The Southern music mecca of Chapel Hill, N.C., was rocked in 1991 when an enigmatic but soft-spoken communist bookstore owner and beloved member of the community, Bob Sheldon, was murdered while closing up shop for the night. The police have always maintained the killing was the result of a “botched robbery,” but many suspect it was a political assassination. The murder sent shock waves through the liberal activist and art/music scenes in Chapel Hill, and the ensuing investigation (or lack thereof) created more questions than answers. To this day, Bob Sheldon’s murder remains unsolved. North Carolina native Emil Amos reopens the bizarre case for CREEM and explains how it later ended up being referenced in a Sonic Youth song.

Chapel Hill, N.C., was an embarrassment of cultural riches in the 1980s and ’90s. The music subculture was essentially one big family where everyone knew each other, fed off each other’s energy, and watched closely to see where the movement would lead. One of the greatest college radio stations in the country, WXYC, acted as the lightning rod for the town’s music scene, and the profusion of local bands boasted their own autonomous language that created a curiosity around the country as hardcore college radio listeners struggled to grasp how groups as diverse as Polvo, Superchunk, Flat Duo Jets, Archers of Loaf, Special Agents of Her Majesty’s Secret Cervix, and the Squirrel Nut Zippers could all be from the same tiny town. Music and art thrived in Chapel Hill to such an extent that the media began proclaiming that it was “the next Seattle.” It was an open and vibrant community.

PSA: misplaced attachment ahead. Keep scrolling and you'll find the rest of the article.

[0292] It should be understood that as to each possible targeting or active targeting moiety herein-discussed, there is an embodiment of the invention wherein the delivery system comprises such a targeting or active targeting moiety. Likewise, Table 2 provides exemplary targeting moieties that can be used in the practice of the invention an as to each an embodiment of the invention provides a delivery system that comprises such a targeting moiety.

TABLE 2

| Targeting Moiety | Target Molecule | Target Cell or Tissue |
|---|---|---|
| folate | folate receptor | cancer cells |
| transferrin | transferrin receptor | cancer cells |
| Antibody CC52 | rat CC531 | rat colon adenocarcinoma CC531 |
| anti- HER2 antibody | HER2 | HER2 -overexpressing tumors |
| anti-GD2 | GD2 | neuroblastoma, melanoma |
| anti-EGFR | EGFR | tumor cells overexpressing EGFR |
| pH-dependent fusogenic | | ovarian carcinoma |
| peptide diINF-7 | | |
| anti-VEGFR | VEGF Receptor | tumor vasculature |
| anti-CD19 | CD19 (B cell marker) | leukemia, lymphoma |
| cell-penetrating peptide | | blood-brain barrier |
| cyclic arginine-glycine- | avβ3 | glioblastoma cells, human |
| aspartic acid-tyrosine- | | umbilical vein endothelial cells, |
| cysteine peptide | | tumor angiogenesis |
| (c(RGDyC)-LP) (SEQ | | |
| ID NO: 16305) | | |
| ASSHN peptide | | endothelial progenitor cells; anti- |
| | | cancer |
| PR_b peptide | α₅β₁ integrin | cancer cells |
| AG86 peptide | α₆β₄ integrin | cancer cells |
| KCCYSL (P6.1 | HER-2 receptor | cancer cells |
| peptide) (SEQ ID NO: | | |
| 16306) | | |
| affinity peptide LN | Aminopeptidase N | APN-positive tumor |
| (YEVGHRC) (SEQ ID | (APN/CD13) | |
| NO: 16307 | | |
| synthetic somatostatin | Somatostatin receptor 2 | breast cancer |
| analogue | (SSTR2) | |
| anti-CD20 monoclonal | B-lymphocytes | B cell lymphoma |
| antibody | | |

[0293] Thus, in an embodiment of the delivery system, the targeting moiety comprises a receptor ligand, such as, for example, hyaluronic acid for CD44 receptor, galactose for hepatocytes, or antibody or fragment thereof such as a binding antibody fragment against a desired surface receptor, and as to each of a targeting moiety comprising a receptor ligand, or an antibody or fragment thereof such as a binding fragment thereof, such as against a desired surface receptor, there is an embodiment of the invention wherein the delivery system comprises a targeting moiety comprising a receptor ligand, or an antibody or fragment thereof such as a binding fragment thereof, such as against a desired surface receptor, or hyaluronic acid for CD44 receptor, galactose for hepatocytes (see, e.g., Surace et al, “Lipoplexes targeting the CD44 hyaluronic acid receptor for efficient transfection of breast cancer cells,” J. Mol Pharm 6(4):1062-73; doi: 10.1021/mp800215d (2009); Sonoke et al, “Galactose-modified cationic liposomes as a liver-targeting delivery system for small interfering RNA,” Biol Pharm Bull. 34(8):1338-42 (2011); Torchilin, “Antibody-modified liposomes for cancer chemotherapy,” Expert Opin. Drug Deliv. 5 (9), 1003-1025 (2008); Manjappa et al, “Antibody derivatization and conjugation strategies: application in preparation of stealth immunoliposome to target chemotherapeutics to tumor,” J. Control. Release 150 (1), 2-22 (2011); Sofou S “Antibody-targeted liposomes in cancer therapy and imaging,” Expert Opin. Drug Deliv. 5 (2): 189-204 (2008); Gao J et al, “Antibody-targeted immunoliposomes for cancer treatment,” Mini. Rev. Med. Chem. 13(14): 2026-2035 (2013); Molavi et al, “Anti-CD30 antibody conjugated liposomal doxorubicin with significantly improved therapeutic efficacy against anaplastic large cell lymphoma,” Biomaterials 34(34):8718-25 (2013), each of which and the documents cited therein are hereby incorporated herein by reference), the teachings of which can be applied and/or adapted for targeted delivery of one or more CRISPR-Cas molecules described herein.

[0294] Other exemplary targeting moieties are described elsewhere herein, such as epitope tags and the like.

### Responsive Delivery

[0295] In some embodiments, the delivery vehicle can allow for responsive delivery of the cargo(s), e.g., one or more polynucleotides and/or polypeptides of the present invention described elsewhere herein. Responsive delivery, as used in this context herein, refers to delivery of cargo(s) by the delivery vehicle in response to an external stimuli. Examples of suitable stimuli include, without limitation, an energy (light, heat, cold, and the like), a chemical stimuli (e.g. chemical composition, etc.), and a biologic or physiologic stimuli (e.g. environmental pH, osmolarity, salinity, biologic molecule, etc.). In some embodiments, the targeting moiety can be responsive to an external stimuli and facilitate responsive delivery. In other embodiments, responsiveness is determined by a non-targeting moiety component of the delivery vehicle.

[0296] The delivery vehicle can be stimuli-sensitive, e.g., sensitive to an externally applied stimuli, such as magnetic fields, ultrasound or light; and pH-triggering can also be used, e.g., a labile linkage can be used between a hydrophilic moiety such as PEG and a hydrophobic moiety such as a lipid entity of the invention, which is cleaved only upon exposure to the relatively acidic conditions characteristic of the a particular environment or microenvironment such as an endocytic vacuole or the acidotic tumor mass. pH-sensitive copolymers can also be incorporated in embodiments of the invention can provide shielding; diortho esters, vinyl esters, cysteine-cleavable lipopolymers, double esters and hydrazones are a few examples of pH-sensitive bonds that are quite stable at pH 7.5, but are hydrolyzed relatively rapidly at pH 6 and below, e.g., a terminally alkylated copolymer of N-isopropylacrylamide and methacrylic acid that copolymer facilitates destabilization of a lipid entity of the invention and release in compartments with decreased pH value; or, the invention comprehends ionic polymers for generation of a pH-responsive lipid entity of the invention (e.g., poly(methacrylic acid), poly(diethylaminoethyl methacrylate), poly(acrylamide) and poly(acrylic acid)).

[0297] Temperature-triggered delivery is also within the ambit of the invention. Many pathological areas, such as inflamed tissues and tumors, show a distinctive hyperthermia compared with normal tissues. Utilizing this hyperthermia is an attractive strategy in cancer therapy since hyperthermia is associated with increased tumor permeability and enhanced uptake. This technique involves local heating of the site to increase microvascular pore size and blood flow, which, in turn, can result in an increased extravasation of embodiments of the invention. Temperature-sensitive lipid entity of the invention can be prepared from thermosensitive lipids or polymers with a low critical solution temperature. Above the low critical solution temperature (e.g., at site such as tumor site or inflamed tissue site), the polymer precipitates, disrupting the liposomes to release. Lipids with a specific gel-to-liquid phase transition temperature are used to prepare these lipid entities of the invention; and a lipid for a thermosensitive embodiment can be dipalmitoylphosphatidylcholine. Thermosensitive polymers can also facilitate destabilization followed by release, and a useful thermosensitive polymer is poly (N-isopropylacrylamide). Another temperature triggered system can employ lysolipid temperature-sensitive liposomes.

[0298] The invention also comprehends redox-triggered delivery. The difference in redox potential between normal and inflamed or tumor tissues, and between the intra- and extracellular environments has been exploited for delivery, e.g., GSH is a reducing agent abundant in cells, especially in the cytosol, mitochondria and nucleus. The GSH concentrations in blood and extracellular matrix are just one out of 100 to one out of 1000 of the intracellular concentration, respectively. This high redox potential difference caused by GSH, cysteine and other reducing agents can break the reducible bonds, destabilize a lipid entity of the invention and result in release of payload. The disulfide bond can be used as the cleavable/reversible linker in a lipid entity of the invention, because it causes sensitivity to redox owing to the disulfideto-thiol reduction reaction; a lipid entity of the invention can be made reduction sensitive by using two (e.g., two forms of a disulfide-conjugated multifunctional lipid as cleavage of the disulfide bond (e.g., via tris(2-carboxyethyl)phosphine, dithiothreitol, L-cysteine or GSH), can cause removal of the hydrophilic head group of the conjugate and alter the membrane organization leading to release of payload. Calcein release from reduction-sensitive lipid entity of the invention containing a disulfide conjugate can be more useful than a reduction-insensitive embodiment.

But amid the rich cultural charm of the Triangle—the area comprising Raleigh, Chapel Hill, and Durham—lay a darker element.

Bill Mooney, then a young designer from Raleigh (and now a longtime member of Sonic Youth’s circle), explains: “There were still Klan marches in downtown Raleigh in the early 1980s. There was the Greensboro massacre in 1979 where members of the Ku Klux Klan shot and killed five participants in an anti-Klan march organized by the Communist Workers’ Party. The first civil rights lunch-counter sit-in was in Greensboro. So most of the good stuff was in reaction to, or just existing alongside, the really terrible stuff. Like Austin, Texas, or Athens, Georgia, the liberal and truly fun Triangle music scene was a free zone in the middle of a very Southern, very conservative state.”

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